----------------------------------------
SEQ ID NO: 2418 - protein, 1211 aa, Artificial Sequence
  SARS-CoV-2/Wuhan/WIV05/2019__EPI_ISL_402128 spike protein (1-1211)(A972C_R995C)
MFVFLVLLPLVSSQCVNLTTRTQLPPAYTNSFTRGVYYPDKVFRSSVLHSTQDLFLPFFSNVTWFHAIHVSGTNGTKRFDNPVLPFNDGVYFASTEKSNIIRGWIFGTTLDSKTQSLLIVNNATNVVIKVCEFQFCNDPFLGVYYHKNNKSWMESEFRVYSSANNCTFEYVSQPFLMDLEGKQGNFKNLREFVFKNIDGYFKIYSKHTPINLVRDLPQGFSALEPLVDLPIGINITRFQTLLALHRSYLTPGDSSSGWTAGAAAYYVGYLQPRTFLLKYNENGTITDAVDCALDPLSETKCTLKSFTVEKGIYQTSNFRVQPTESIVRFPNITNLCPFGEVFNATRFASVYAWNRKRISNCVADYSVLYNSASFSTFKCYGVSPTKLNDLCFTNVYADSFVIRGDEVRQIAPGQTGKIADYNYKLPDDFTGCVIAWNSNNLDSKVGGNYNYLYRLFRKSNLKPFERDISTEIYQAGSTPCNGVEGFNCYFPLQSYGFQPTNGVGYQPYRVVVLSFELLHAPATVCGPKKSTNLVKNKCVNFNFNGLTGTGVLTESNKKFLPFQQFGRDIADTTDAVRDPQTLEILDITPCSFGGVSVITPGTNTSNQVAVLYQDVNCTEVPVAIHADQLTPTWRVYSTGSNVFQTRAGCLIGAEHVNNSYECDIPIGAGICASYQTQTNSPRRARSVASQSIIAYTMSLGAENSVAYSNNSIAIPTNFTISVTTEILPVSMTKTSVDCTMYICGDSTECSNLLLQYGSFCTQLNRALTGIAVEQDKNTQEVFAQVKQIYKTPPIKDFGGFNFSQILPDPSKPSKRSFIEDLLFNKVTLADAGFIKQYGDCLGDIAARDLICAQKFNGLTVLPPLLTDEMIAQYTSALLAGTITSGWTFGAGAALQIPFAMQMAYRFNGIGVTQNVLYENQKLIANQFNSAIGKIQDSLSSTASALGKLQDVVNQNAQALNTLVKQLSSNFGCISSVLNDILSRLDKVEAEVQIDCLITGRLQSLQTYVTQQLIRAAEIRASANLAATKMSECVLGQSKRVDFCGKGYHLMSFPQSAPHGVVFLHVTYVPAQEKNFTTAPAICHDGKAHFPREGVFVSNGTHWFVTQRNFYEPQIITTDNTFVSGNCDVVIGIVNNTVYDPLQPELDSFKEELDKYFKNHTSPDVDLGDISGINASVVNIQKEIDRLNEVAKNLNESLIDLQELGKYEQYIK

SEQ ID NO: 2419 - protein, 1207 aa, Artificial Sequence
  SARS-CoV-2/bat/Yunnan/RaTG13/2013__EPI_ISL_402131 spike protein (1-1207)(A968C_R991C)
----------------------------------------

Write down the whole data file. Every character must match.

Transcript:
SEQ ID NO: 2418 - protein, 1211 aa, Artificial Sequence
  SARS-CoV-2/Wuhan/WIV05/2019__EPI_ISL_402128 spike protein (1-1211)(A972C_R995C)
MFVFLVLLPLVSSQCVNLTTRTQLPPAYTNSFTRGVYYPDKVFRSSVLHSTQDLFLPFFSNVTWFHAIHVSGTNGTKRFDNPVLPFNDGVYFASTEKSNIIRGWIFGTTLDSKTQSLLIVNNATNVVIKVCEFQFCNDPFLGVYYHKNNKSWMESEFRVYSSANNCTFEYVSQPFLMDLEGKQGNFKNLREFVFKNIDGYFKIYSKHTPINLVRDLPQGFSALEPLVDLPIGINITRFQTLLALHRSYLTPGDSSSGWTAGAAAYYVGYLQPRTFLLKYNENGTITDAVDCALDPLSETKCTLKSFTVEKGIYQTSNFRVQPTESIVRFPNITNLCPFGEVFNATRFASVYAWNRKRISNCVADYSVLYNSASFSTFKCYGVSPTKLNDLCFTNVYADSFVIRGDEVRQIAPGQTGKIADYNYKLPDDFTGCVIAWNSNNLDSKVGGNYNYLYRLFRKSNLKPFERDISTEIYQAGSTPCNGVEGFNCYFPLQSYGFQPTNGVGYQPYRVVVLSFELLHAPATVCGPKKSTNLVKNKCVNFNFNGLTGTGVLTESNKKFLPFQQFGRDIADTTDAVRDPQTLEILDITPCSFGGVSVITPGTNTSNQVAVLYQDVNCTEVPVAIHADQLTPTWRVYSTGSNVFQTRAGCLIGAEHVNNSYECDIPIGAGICASYQTQTNSPRRARSVASQSIIAYTMSLGAENSVAYSNNSIAIPTNFTISVTTEILPVSMTKTSVDCTMYICGDSTECSNLLLQYGSFCTQLNRALTGIAVEQDKNTQEVFAQVKQIYKTPPIKDFGGFNFSQILPDPSKPSKRSFIEDLLFNKVTLADAGFIKQYGDCLGDIAARDLICAQKFNGLTVLPPLLTDEMIAQYTSALLAGTITSGWTFGAGAALQIPFAMQMAYRFNGIGVTQNVLYENQKLIANQFNSAIGKIQDSLSSTASALGKLQDVVNQNAQALNTLVKQLSSNFGCISSVLNDILSRLDKVEAEVQIDCLITGRLQSLQTYVTQQLIRAAEIRASANLAATKMSECVLGQSKRVDFCGKGYHLMSFPQSAPHGVVFLHVTYVPAQEKNFTTAPAICHDGKAHFPREGVFVSNGTHWFVTQRNFYEPQIITTDNTFVSGNCDVVIGIVNNTVYDPLQPELDSFKEELDKYFKNHTSPDVDLGDISGINASVVNIQKEIDRLNEVAKNLNESLIDLQELGKYEQYIK

SEQ ID NO: 2419 - protein, 1207 aa, Artificial Sequence
  SARS-CoV-2/bat/Yunnan/RaTG13/2013__EPI_ISL_402131 spike protein (1-1207)(A968C_R991C)